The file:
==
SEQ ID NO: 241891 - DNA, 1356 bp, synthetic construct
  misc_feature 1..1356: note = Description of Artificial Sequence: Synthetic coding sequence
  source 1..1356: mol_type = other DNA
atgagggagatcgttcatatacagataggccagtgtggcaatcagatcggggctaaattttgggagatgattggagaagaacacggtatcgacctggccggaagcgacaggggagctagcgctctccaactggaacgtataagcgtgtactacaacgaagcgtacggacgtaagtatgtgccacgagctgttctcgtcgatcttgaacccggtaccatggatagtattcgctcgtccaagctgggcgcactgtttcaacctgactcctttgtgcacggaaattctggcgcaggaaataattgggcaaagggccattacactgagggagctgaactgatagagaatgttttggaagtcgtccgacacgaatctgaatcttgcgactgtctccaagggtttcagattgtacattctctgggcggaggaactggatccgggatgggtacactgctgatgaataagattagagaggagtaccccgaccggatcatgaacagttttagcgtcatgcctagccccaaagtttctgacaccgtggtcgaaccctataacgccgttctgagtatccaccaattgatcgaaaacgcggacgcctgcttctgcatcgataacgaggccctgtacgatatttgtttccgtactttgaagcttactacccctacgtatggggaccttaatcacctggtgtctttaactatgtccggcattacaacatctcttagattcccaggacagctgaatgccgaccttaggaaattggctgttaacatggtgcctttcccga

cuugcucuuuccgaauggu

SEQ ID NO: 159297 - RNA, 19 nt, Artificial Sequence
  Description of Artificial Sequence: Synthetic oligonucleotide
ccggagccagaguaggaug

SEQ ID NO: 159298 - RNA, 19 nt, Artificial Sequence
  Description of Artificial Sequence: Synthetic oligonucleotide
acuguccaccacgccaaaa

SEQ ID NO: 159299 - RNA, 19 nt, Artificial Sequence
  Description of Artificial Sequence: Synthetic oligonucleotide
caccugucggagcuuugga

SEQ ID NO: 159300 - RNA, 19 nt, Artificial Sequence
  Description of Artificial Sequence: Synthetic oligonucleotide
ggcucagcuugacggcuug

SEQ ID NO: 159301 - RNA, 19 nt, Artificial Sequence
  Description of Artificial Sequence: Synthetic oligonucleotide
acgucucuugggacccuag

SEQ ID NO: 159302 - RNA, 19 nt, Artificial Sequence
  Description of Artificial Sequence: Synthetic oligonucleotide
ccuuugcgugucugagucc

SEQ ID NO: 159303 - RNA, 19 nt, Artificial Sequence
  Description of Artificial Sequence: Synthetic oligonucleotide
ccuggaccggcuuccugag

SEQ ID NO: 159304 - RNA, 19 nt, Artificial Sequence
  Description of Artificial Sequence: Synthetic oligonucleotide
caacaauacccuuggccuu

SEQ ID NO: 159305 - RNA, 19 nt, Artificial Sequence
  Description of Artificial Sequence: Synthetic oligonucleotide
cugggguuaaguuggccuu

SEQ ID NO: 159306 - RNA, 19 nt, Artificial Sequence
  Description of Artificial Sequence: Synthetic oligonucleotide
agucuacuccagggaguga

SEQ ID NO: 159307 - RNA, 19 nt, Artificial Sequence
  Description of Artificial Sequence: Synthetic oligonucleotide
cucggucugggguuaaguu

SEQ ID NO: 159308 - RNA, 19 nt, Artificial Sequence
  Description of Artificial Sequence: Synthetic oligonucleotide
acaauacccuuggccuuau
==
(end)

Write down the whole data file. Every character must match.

SEQ ID NO: 241891 - DNA, 1356 bp, synthetic construct
  misc_feature 1..1356: note = Description of Artificial Sequence: Synthetic coding sequence
  source 1..1356: mol_type = other DNA
atgagggagatcgttcatatacagataggccagtgtggcaatcagatcggggctaaattttgggagatgattggagaagaacacggtatcgacctggccggaagcgacaggggagctagcgctctccaactggaacgtataagcgtgtactacaacgaagcgtacggacgtaagtatgtgccacgagctgttctcgtcgatcttgaacccggtaccatggatagtattcgctcgtccaagctgggcgcactgtttcaacctgactcctttgtgcacggaaattctggcgcaggaaataattgggcaaagggccattacactgagggagctgaactgatagagaatgttttggaagtcgtccgacacgaatctgaatcttgcgactgtctccaagggtttcagattgtacattctctgggcggaggaactggatccgggatgggtacactgctgatgaataagattagagaggagtaccccgaccggatcatgaacagttttagcgtcatgcctagccccaaagtttctgacaccgtggtcgaaccctataacgccgttctgagtatccaccaattgatcgaaaacgcggacgcctgcttctgcatcgataacgaggccctgtacgatatttgtttccgtactttgaagcttactacccctacgtatggggaccttaatcacctggtgtctttaactatgtccggcattacaacatctcttagattcccaggacagctgaatgccgaccttaggaaattggctgttaacatggtgcctttcccga

cuugcucuuuccgaauggu

SEQ ID NO: 159297 - RNA, 19 nt, Artificial Sequence
  Description of Artificial Sequence: Synthetic oligonucleotide
ccggagccagaguaggaug

SEQ ID NO: 159298 - RNA, 19 nt, Artificial Sequence
  Description of Artificial Sequence: Synthetic oligonucleotide
acuguccaccacgccaaaa

SEQ ID NO: 159299 - RNA, 19 nt, Artificial Sequence
  Description of Artificial Sequence: Synthetic oligonucleotide
caccugucggagcuuugga

SEQ ID NO: 159300 - RNA, 19 nt, Artificial Sequence
  Description of Artificial Sequence: Synthetic oligonucleotide
ggcucagcuugacggcuug

SEQ ID NO: 159301 - RNA, 19 nt, Artificial Sequence
  Description of Artificial Sequence: Synthetic oligonucleotide
acgucucuugggacccuag

SEQ ID NO: 159302 - RNA, 19 nt, Artificial Sequence
  Description of Artificial Sequence: Synthetic oligonucleotide
ccuuugcgugucugagucc

SEQ ID NO: 159303 - RNA, 19 nt, Artificial Sequence
  Description of Artificial Sequence: Synthetic oligonucleotide
ccuggaccggcuuccugag

SEQ ID NO: 159304 - RNA, 19 nt, Artificial Sequence
  Description of Artificial Sequence: Synthetic oligonucleotide
caacaauacccuuggccuu

SEQ ID NO: 159305 - RNA, 19 nt, Artificial Sequence
  Description of Artificial Sequence: Synthetic oligonucleotide
cugggguuaaguuggccuu

SEQ ID NO: 159306 - RNA, 19 nt, Artificial Sequence
  Description of Artificial Sequence: Synthetic oligonucleotide
agucuacuccagggaguga

SEQ ID NO: 159307 - RNA, 19 nt, Artificial Sequence
  Description of Artificial Sequence: Synthetic oligonucleotide
cucggucugggguuaaguu

SEQ ID NO: 159308 - RNA, 19 nt, Artificial Sequence
  Description of Artificial Sequence: Synthetic oligonucleotide
acaauacccuuggccuuau